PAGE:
Gifty Creativity

12finalThis blog is going to be a celebration of creativity of all forms, not just ‘formal’ art. I think there is an artist deep inside everyone and it expresses it self in many different ways!

I get the urge at Christmas, as many do, to try to make something to give as a gift. Whether its a portrait of someone’s beloved fur-baby or a plate of cookies, there is satisfaction in giving something you have created.

This year I combined my environmental side with my crafty side and made candles. The receptacle was the ‘green’ side…aluminum cans and the decorative yarn…yard sale find!

This was my first time making candles so please consult other sources for the basic how-to’s and safety guidelines.

Selecting the Wax

I wanted these candles to be eco-friendly to burn as well as make. I chose a soy wax and metal-free wicks. I did choose3waxbag fragrances to add, however, but no dyes. I bought all my supplies from the friendly folks at Southwest Candle Supply in Mesquite, Texas. I went into their shop and they gave me a lot of tips on what to buy and how to use it!

Setting up the Containers

1straw
Use a straw to center and press wicks into containers.

As I mentioned, I used aluminum cans for the containers (most were BPA-free, a few I was unsure of) as well as some glass tea lights I had bought and then cleaned after burning the original candles. I set up the can by putting a wick-sticker on the bottom of the wicks and using a straw to firmly push it down in the cans (one of the nifty tips from the Southwest Candle lady!).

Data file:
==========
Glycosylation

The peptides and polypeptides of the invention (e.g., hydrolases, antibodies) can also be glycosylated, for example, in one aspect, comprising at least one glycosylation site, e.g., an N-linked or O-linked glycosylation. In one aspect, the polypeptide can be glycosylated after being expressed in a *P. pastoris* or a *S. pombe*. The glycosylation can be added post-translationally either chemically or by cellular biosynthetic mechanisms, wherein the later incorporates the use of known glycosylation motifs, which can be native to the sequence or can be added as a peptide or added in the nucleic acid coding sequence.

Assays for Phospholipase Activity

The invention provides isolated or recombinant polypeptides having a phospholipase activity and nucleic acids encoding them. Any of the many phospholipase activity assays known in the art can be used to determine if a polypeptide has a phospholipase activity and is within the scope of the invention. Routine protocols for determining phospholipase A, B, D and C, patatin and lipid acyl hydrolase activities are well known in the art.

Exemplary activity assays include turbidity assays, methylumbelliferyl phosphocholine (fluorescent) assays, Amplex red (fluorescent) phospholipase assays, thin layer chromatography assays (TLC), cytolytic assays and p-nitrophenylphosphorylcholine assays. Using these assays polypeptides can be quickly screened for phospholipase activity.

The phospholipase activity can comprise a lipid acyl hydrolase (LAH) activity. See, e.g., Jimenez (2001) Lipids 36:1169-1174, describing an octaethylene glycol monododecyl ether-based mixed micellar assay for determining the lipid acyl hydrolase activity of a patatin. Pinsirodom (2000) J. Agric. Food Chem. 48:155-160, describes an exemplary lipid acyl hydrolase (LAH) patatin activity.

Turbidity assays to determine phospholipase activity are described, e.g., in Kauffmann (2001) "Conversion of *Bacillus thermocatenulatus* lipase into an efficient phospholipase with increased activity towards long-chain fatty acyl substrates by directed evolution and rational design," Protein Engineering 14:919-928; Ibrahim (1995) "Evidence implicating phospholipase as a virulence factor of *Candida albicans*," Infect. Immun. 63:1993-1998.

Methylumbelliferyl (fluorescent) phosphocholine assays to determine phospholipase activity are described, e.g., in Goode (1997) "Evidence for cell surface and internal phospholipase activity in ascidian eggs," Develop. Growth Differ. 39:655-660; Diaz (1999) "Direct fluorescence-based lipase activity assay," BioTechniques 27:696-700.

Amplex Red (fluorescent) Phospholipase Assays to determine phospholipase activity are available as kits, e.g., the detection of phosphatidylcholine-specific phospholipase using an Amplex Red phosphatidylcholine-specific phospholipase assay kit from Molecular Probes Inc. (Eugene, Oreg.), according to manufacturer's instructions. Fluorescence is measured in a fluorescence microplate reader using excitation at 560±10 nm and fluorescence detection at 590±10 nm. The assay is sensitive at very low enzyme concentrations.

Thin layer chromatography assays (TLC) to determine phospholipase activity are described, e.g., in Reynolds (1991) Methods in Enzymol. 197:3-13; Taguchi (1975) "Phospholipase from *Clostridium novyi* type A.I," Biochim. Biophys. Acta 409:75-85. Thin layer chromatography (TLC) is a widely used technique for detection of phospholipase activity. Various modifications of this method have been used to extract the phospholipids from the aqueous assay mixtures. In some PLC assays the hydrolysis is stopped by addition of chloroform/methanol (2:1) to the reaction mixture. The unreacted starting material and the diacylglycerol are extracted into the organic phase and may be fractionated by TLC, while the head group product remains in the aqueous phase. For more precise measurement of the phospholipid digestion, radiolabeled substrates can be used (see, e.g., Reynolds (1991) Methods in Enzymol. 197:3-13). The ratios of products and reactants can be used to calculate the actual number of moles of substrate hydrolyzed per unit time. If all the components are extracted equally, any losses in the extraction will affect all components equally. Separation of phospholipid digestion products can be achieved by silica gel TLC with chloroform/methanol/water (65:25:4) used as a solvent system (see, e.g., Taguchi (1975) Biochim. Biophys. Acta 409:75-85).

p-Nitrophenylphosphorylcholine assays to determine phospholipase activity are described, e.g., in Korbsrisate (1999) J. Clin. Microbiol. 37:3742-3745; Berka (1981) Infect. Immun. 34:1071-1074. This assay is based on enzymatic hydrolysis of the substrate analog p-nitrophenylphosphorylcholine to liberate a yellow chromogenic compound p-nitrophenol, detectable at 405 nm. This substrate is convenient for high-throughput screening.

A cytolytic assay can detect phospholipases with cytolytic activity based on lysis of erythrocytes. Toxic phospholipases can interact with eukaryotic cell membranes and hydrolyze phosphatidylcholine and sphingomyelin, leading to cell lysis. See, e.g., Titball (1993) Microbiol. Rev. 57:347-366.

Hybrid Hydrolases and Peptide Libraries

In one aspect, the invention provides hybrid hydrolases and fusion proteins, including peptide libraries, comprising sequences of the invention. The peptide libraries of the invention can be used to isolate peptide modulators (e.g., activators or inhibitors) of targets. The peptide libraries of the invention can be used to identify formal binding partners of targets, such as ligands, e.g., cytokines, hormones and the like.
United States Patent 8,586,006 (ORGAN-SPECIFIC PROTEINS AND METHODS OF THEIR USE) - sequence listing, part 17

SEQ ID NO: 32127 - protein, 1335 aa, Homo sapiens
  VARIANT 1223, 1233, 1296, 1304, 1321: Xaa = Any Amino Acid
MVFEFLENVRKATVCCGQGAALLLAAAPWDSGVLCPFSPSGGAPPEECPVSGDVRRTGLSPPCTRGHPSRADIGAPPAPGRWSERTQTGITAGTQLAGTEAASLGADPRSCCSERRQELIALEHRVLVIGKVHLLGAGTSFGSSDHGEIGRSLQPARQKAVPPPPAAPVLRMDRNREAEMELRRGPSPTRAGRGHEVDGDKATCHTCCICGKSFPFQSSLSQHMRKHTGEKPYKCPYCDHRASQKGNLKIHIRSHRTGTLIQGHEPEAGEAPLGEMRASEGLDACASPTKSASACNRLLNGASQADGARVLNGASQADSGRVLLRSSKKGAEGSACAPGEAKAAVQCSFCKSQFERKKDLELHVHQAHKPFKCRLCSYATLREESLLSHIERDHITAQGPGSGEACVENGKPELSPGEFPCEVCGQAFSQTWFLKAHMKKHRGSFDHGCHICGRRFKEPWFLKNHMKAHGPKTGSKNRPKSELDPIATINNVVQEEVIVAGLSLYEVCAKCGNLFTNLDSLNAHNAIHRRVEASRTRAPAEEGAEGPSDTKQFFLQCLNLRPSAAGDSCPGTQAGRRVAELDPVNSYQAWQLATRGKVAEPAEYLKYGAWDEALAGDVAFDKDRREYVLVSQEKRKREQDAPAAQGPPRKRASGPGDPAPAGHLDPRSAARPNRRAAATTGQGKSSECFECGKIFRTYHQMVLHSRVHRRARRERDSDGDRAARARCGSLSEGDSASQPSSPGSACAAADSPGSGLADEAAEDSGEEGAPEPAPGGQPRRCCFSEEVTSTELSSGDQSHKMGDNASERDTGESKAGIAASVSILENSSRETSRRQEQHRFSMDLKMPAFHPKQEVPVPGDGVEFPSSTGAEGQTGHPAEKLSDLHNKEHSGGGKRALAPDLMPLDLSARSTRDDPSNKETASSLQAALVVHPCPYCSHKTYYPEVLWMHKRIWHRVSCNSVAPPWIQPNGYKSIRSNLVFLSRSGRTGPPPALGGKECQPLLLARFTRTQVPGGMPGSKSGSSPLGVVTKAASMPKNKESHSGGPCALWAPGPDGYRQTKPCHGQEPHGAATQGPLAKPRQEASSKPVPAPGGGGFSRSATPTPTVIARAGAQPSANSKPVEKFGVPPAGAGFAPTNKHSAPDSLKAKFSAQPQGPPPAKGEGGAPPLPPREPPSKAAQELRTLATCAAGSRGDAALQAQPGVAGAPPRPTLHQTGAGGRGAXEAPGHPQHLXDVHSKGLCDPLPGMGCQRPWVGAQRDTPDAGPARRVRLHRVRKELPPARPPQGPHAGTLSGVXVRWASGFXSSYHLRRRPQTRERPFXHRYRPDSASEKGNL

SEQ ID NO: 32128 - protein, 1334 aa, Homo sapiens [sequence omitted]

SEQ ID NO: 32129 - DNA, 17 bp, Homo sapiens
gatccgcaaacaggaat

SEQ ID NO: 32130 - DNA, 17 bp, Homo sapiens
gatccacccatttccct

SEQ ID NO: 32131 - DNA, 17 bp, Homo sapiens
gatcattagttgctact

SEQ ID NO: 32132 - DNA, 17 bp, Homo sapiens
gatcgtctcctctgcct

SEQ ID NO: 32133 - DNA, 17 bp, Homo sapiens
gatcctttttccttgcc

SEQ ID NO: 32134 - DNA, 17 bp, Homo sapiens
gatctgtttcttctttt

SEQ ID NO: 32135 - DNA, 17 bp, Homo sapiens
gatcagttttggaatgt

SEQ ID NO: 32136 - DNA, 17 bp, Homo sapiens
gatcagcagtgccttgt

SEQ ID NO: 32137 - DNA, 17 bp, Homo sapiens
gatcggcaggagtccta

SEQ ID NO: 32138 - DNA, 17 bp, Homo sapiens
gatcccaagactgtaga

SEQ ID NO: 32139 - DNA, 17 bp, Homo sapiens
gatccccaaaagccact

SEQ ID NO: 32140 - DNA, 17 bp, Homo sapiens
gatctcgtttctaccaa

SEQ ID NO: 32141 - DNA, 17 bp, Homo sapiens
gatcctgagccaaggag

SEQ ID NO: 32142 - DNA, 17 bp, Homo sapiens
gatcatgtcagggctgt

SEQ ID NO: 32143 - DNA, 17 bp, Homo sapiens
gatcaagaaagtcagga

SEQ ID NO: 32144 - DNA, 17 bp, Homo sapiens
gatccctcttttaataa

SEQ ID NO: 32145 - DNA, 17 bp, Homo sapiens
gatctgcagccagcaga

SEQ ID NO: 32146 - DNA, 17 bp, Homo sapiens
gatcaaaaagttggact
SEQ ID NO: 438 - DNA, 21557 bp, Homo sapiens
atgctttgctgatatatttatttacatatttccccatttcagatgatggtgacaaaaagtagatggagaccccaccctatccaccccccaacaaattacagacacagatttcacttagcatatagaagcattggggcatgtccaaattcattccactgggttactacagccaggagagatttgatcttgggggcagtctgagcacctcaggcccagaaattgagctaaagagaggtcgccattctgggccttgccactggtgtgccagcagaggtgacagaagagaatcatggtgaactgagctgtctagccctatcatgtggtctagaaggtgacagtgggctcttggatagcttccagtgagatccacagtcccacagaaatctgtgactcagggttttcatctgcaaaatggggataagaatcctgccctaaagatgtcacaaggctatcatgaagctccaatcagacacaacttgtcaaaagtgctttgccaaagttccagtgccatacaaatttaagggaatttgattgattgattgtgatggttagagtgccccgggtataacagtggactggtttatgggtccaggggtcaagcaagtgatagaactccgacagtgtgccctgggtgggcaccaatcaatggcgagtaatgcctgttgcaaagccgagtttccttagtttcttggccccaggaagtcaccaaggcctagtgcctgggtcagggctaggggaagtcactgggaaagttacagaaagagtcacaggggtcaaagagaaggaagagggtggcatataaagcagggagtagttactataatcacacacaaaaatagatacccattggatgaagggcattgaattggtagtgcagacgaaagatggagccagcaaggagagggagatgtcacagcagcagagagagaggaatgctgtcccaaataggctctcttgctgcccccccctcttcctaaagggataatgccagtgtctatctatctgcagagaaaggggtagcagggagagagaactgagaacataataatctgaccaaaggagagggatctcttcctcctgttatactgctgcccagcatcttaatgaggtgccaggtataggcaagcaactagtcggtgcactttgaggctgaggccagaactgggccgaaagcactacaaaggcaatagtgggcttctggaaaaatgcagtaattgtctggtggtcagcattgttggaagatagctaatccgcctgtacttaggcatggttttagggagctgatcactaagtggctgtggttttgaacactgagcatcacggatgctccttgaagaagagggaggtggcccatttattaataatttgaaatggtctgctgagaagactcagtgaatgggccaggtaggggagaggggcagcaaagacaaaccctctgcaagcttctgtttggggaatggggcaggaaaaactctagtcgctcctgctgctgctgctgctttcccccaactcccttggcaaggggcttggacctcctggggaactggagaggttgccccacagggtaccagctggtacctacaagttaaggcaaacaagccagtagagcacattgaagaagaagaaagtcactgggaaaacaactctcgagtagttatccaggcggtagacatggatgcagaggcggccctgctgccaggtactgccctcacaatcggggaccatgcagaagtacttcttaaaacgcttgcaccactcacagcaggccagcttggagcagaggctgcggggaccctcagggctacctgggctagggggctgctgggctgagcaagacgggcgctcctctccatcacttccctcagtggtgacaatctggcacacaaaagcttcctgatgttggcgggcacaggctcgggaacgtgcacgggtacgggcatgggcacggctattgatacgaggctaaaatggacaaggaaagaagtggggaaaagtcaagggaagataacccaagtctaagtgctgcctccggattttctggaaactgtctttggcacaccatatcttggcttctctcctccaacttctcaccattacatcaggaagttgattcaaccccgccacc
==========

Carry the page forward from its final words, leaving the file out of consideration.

Another handy tip was to use hair clips to hold the wicks in place during the pour and cool. I found the larger, plastic ones at Wal-mart and the smaller, metal ones at a local grocery store. Note: Do NOT pull too firmly on the wick to straighten after you have poured the wax…the hot wax can get under the sticker pretty quickly! I learned (and re-learned) this the hard way!

Melting and Pouring

To melt the candles, I measured about 2.5 lbs of wax into an aluminum pitcher (bought with coupon at Michaels). Since I have a glass, flat-top range, the 7meltcandle lady said I could put the pitcher straight on the burner. The thought of that made me nervous so I used a pot with a couple of inches of water in it. I also read a trick to put a metal cookie cutter in the bottom of the pot to elevate the pitcher and make it more like a double-boiler.

4readytopourAfter the wax was completely melted, about 5-7 minutes, I waited for the temperature to reach about 180°. Then I removed it from the heat and added 1 oz. fragrance for each pound of wax. I used a clean paint stick to stir the melting wax and stir in fragrance. After stirring in fragrance, the temperature drops enough to pour immediately.

Dressing it Up

I kept the labels on some organic Pumpkin cans and filled it with…you guess it…pumpkin spice. The plain cans I filled with either pumpkin or creamy vanilla. Decorating was the creative part! I had found a box of specialized and decorative yarn at a yard sale the previous summer. It was mainly just little balls or leftovers. I decided that was the perfect dress-up to the plain, aluminum cans.

I simply used a glue gun to squirt a short line of glue in the middle and wrapped yarn tightly around the cans. On some cans I added another layer to the center of that yard. I then raided my buttons and small, seashell supply and glued those on top of the yarn. I’m pretty pleased with the results, had a ton of fun making the 9finalcandles and got a lot of positive feedback from the gift recipients. Added bonus…I learned a new creative skill…candle-making!11final

Did you do any creative gifts this past Christmas?